Well they had the glaring audacity to uh... exercise their democratic right to vote.
They had the guts to choose the people they knew would stave off the corruption that consumed their opposition, who would refuse to barter the interests of the Palestinian people. But in the eyes of Israel and the United States, who actually gave weapons and money to Hamas's opposition to keep the *democratically-elected* group out of power and murder its key leaders, they made the wrong choice.
As I conclude, I am not saying that this objectively justifies Hamas's rocket attacks so finitely that I expect any rational being who doesn't have my political and humanistic biases to agree on. But I would most definitely expect any rational being to be appalled at 400+ deaths in repayment for fewer than five.
Right now, as I pray with millions of peace-loving human beings around the world for an end to the unimaginable suffering in the Gaza Strip, I want to remind people that at this moment, this isn't primarily an issue of politics, of whose land is what, of who started it all, or who's been right all along, this is an issue of an unjustifiably disproportionate military response leading to the slaughter of over 400 human beings- at least a fourth of them civilians, over 50 of them children, and more wounded than all the area's hospitals can even begin to accommodate. It's an issue of a four year old child whose playtime in his home's courtyard turned in to the hour of his death, of a mother beholding the corpses of her five dead daughters.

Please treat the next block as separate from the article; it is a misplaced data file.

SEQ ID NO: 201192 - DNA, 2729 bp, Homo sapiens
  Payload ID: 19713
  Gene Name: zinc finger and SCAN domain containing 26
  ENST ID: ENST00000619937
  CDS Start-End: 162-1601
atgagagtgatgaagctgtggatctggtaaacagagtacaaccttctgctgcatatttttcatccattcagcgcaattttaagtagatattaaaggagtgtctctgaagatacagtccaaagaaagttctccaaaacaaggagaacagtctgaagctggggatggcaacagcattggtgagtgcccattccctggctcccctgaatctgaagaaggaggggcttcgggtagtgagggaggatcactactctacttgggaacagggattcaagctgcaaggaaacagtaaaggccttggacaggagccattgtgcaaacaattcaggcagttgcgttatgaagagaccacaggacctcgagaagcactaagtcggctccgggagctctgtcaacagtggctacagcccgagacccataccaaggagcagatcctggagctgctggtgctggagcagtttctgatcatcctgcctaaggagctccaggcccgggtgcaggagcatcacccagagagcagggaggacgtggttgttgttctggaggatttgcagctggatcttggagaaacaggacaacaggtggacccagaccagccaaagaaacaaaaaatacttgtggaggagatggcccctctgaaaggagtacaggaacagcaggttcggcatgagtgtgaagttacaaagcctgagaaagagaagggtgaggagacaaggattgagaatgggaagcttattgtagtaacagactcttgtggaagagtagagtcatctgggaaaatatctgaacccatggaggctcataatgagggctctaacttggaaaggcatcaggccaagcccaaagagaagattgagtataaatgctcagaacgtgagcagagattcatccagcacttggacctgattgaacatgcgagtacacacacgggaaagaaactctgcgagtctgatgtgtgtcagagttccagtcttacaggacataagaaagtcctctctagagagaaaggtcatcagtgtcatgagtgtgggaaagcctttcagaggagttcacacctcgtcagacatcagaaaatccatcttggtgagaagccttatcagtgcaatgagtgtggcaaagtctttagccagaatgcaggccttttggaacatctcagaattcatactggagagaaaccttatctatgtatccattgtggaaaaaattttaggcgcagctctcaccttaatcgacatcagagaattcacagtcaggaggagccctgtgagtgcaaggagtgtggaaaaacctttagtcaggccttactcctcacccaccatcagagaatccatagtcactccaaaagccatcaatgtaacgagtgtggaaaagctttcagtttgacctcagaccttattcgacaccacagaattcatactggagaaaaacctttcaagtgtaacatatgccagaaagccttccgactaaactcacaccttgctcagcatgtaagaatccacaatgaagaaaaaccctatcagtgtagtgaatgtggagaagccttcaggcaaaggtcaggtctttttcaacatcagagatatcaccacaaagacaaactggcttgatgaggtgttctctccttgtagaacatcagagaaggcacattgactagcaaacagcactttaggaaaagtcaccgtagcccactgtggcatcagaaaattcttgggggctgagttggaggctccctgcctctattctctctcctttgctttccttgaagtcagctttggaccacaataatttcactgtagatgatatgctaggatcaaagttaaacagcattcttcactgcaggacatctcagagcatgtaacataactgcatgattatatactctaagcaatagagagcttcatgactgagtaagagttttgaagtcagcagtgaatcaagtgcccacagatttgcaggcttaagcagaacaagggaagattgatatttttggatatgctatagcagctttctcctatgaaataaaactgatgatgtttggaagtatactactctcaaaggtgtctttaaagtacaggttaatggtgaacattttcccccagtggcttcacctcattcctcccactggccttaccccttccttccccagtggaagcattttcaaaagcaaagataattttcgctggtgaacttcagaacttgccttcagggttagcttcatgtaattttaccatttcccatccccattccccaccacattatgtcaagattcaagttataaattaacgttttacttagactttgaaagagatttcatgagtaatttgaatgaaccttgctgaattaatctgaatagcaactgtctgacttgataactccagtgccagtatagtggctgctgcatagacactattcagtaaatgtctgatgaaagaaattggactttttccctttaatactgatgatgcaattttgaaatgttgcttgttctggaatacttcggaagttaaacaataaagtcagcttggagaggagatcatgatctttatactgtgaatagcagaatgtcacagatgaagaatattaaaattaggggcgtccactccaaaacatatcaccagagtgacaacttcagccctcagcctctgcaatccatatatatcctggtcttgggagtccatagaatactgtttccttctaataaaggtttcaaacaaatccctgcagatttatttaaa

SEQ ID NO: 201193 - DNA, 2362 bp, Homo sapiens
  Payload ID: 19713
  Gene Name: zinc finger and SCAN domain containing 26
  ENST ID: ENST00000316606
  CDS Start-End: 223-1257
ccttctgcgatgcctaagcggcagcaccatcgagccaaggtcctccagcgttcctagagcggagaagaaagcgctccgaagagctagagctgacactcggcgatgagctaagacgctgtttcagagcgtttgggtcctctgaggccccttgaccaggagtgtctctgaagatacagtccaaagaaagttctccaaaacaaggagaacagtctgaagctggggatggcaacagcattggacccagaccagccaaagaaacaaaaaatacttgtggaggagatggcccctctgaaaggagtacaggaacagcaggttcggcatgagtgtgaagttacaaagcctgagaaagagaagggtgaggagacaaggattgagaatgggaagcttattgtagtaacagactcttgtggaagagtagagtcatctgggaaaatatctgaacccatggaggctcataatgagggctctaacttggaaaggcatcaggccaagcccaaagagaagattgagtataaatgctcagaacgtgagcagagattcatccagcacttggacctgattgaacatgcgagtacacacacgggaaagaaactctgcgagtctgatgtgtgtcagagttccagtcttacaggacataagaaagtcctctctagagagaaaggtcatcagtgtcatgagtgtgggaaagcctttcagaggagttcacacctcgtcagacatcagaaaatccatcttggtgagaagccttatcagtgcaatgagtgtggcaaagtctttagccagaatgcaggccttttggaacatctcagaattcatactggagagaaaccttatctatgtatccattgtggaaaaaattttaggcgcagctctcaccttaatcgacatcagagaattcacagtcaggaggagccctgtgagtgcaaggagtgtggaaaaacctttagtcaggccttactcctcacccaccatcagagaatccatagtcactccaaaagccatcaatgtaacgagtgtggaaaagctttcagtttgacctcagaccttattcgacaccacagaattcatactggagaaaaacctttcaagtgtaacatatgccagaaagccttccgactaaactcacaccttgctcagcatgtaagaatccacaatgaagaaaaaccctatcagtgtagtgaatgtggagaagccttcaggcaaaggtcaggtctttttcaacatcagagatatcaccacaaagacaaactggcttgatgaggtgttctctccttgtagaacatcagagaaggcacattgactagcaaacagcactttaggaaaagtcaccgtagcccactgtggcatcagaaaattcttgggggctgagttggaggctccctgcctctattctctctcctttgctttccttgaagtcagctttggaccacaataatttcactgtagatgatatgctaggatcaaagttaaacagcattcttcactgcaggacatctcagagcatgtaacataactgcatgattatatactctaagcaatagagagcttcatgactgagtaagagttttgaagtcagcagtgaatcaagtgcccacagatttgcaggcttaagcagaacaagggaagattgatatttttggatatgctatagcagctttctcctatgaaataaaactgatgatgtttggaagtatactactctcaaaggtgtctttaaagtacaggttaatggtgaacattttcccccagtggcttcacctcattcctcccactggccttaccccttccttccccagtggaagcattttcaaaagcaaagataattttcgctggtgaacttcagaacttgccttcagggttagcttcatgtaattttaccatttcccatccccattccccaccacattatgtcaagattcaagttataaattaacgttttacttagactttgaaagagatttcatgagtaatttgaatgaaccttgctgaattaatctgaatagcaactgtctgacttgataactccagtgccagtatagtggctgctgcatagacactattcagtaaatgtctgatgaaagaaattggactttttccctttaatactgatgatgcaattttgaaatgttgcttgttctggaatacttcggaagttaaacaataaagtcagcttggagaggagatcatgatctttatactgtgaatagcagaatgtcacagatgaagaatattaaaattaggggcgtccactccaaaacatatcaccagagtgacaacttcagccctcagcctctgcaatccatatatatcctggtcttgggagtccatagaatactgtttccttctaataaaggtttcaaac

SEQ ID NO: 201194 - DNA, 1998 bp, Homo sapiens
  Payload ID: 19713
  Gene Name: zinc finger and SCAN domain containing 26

So as the world burns, won't you weep a few tears and douse the flames?
Sunday, November 23, 2008,12:30 pm
Understanding the SOFA
Five years after the invasion of Iraq by the Allied Forces, the people of Iraq find themselves at a crossroad; to accept the SOFA and legalize an occupation or reject it and live indefinitely under the shadows of the US forces. The Iraqi people, after being promised so much in the name of liberation are now left in a dilemma in which either choice will adds to their sufferings.
An indicator of the mainstream Iraqi opinion can be found amongst the religious figures who have opposed deal. The highest ranking cleric in Iraq, Ayatollah Sayyed Ali Sistani has openly objected to this and has imposed certain conditions for it to be accepted by the Iraqi Government. He has called for any deal to safeguard: the common interest of the Iraqi people, national sovereignty, national consensus, and obtain a parliamentary approval.
This sort of objection is not surprising given the history. Previously the US had concluded similar deals in Japan and South Korea, both of which allowed the US troops to be stationed there until now. Moreover, this deal is not detrimental for the Iraqis but also for the rest of the neighboring countries. Having permanent military bases in the region could become a catalyst to launch an attack on neighboring countries such as Iran and Syria. This is part of the reason as to why there has been strong objection from the two leading Shia clerics; Ayatollah Sistani and Ayatollah Sayyed Kazem Haeri with the latter going as far as issuing a fatwa to make it impermissible to vote in the favour of such a deal. Both these clerics consider it a moral and religious obligation to prevent this deal from taking place as it would only endanger the Shias further, not to mention many more innocents too.